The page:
The Manchester Board of School Committee will meet tonight and there’s a bunch on the agenda. The controversial Manchester Academic Standards are back on the agenda, this time in final form with a table of contents and arguably uniform format of presentation. The document, which standards expert Dr. Sandra Stotsky told me in an on camera T V interview should be thirty to forty pages long, was two hundred seventy five pages, including fifteen pages of English reading documents, and was released with the agenda for tonight’s meeting. I was unable to find it on the district’s Web site outside of the agenda. Since they’ve already approved the standards, this is probably informational, though it is expected that questions and maybe a challenge or two might come at them. The board will also received details on a so called STEAM Ahead Junior program, targeted at forth graders with the help of U S FIRST, the organization that sponsors the annual robotics competitions. Mayor Ted Gatsas gave us a preview of that initiative in an interview on July fifteenth. We’ve linked to it. Also on deck are changes to the city’s Dirvers Ed. program. Expect fees to go up by fifty bucks per student and administrative hours to be cut as the program tries to dig out of a deficit and break even. If all goes as planned, the program, which has seen declining enrollment numbers, will cost five hundred seventy five dollars, which officials say is still the lowest cost in the region.
School starts for many communities this week and police departments throughout the region are posting bulletins, urging folks to be more careful on the roads, especially around school buses. Students will start classes tomorrow in Bedford and Londonderry, on Wednesday in Bow and on Thursday in Hooksett.
The West Manchester Neighborhood Watch Group, know as The Rimmon Heights Community Group, surprised Manchester Police Department personnel who were on hand for an ice cream social they’d been invited to by presenting them with the group’s Neighborhood Champion Award. Leader Diane Lavigne, called the chief and his officers to the front of the room and specifically thanked Police Chief David J. Mara and members of the Community Policing Division for their continued neighborhood support over the past year. Community Policing Officers regularly attend their monthly meetings and otherwise support their efforts. If you are interested in starting a neighborhood watch group or having an officer liaison for your existing neighborhood group, please contact Officer Mark Ampuja at 7 9 2 5 4 3 1.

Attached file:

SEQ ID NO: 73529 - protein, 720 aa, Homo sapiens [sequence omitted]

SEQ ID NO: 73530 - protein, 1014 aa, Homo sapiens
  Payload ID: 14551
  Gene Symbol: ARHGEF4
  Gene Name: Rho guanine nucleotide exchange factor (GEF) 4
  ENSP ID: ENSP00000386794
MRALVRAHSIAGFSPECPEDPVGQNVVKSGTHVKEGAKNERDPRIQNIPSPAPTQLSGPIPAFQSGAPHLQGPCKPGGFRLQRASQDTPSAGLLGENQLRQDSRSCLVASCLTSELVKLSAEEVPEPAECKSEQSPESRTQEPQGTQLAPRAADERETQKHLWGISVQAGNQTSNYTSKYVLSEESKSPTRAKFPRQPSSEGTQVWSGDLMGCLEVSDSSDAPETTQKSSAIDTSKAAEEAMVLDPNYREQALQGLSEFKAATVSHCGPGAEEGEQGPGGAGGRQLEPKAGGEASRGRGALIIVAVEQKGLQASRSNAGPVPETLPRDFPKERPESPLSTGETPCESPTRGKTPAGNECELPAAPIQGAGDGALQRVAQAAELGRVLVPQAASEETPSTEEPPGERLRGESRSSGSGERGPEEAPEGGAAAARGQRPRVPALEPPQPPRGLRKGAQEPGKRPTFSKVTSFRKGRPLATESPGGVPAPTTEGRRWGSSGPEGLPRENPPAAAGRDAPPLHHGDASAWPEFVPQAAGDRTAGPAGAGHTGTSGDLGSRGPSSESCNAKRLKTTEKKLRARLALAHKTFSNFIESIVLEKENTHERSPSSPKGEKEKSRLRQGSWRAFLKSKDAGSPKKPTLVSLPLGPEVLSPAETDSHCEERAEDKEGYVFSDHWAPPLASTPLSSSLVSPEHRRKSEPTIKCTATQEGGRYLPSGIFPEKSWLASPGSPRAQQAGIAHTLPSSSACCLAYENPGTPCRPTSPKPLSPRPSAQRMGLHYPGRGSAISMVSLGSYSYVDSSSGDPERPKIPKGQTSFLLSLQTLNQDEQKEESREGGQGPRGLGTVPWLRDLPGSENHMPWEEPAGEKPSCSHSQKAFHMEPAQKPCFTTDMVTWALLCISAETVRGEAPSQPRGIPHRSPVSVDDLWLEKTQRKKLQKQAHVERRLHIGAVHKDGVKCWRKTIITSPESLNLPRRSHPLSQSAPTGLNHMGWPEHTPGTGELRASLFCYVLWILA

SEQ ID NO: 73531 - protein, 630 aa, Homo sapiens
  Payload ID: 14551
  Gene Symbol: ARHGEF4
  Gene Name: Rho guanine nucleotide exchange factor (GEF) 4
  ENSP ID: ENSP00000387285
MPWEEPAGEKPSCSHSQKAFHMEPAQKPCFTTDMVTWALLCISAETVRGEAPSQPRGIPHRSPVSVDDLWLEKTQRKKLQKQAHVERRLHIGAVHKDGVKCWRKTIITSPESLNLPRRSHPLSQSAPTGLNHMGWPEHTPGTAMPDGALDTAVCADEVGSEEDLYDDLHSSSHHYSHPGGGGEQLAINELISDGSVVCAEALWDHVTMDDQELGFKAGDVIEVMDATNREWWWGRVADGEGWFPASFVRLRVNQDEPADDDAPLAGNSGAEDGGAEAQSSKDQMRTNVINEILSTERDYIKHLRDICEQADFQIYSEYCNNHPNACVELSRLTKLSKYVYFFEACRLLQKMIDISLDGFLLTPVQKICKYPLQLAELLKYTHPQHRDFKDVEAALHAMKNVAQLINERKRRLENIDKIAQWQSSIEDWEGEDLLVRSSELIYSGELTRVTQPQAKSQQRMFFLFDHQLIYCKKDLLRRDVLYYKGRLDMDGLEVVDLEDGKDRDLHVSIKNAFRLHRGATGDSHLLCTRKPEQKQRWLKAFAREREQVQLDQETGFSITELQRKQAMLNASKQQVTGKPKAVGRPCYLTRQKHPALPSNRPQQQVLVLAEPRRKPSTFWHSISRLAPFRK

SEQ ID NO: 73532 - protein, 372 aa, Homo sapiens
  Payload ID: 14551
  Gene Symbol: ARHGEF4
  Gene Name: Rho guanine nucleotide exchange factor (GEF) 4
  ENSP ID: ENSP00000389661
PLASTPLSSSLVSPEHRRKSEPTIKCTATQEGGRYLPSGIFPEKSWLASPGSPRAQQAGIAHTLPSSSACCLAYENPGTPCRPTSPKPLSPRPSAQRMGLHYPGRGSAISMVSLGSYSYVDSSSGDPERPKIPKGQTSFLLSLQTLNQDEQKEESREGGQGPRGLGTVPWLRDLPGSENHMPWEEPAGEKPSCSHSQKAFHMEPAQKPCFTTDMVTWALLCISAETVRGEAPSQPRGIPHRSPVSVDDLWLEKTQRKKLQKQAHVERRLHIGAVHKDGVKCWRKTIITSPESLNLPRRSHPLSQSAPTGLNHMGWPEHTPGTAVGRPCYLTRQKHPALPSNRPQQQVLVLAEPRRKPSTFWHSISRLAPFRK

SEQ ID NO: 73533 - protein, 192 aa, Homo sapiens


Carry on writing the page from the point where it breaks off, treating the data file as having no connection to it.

News from our own backyard continues after this.
Things are heating up in G O P primary battles across the state as election day is but two weeks from tomorrow. In the G O P race for governor, entrepreneur and conservative activist Andrew Hemingway and former B A E C E O Walt Havenstein squared off in a debate over the weekend, sponsored by the Republican committees of Exeter and Rockingham County, as well as the Seacoast Republican Women. The two had sharp differences on a number of issues, including the economy, global warming and voter fraud. In statements bound to further roil conservatives, Havenstein agreed that climate change, a k a global warming, was scientifically proven. He also asserted there is no significant proof of existing voter fraud, which he qualified by saying that voter fraud hasn’t been proven in a court of law.
Hemingway strongly disagreed on both counts and reiterated his criticism of Havenstein’s proposal to cut the Business Profits Tax by ten percent as something that would primarily benefit the state’s largest employers, like the one Havenstein used to run, and fail to stimulate the economy because it did little if anything for the small businesses that employ more than eighty percent of our state’s employees. Hemingway pitched his own overhaul of the tax code which would essentially eliminate the Business Profits Tax, while raising the Business Enterprise Tax and applying it to a broader base of businesses, including some not for profits that are currently not taxed, like the hospitals. Havenstein’s campaign released a post debate statement declaring victory in the debate saying quote “Republicans want to take back the Governor’s office and will nominate Walt as the only person who can do that.” End quote.
Former Senator Bob Smith announced the endorsement of the National Vietnam & Gulf War Veterans Coalition in Washington, DC. The Coalition consists of seventy veterans organizations and veterans advocacy groups, which represent over a quarter of a million veterans. In their letter of endorsement, Coalition Chairman John J. Malloy said Smith’s quote, “experience, leadership, and patriotism are especially needed in the Senate at this particular time in our history when our beloved country is at risk, not only from foreign terrorists, but also from domestic advocates of extreme social and economic ‘reform’ and the weaklings who fail to confront them.” End quote. As a congressman, Smith served on the House Veterans Affairs Committee for six years and served twelve years on the Senate Armed Services Committee. Smith, a Vietnam Veteran who saw active duty in the Navy, said he was extremely honored and pleased to receive the endorsement.
Meanwhile, the campaign of former Bay State Senator Scott Brown was busy about the business of trumpeting a new poll showing he’s lopped ten points off incumbent Senator Jeanne Shaheen’s once twelve point lead. Down by two, a statistical dead heat, Brown’s folks are using it as evidence that he has the best chance to beat Shaheen in November. Brown also recently received the endorsements of the Nashua Telegraph and the NH Sunday News and The Union Leader.
That’s news from our own backyard, Girard at Large Hour ___ is straight ahead.